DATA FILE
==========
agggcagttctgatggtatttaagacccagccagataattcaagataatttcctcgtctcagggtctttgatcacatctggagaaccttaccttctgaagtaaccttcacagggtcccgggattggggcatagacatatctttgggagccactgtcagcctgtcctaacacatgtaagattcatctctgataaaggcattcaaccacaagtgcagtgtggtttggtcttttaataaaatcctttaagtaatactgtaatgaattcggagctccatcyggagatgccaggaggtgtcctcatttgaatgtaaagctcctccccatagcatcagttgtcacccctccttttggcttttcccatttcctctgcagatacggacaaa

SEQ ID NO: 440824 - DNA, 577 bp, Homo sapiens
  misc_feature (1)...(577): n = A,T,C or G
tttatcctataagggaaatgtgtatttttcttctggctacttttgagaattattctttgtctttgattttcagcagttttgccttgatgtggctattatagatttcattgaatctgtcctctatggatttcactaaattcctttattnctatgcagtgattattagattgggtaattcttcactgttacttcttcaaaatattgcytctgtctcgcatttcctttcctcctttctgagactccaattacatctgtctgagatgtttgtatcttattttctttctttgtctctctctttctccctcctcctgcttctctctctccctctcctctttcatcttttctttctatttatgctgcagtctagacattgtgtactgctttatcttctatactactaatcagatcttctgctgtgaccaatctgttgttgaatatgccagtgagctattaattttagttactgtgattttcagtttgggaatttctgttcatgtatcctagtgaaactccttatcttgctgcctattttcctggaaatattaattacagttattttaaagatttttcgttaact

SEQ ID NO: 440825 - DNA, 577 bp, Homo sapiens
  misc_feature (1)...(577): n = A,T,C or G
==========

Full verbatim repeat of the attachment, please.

agggcagttctgatggtatttaagacccagccagataattcaagataatttcctcgtctcagggtctttgatcacatctggagaaccttaccttctgaagtaaccttcacagggtcccgggattggggcatagacatatctttgggagccactgtcagcctgtcctaacacatgtaagattcatctctgataaaggcattcaaccacaagtgcagtgtggtttggtcttttaataaaatcctttaagtaatactgtaatgaattcggagctccatcyggagatgccaggaggtgtcctcatttgaatgtaaagctcctccccatagcatcagttgtcacccctccttttggcttttcccatttcctctgcagatacggacaaa

SEQ ID NO: 440824 - DNA, 577 bp, Homo sapiens
  misc_feature (1)...(577): n = A,T,C or G
tttatcctataagggaaatgtgtatttttcttctggctacttttgagaattattctttgtctttgattttcagcagttttgccttgatgtggctattatagatttcattgaatctgtcctctatggatttcactaaattcctttattnctatgcagtgattattagattgggtaattcttcactgttacttcttcaaaatattgcytctgtctcgcatttcctttcctcctttctgagactccaattacatctgtctgagatgtttgtatcttattttctttctttgtctctctctttctccctcctcctgcttctctctctccctctcctctttcatcttttctttctatttatgctgcagtctagacattgtgtactgctttatcttctatactactaatcagatcttctgctgtgaccaatctgttgttgaatatgccagtgagctattaattttagttactgtgattttcagtttgggaatttctgttcatgtatcctagtgaaactccttatcttgctgcctattttcctggaaatattaattacagttattttaaagatttttcgttaact

SEQ ID NO: 440825 - DNA, 577 bp, Homo sapiens
  misc_feature (1)...(577): n = A,T,C or G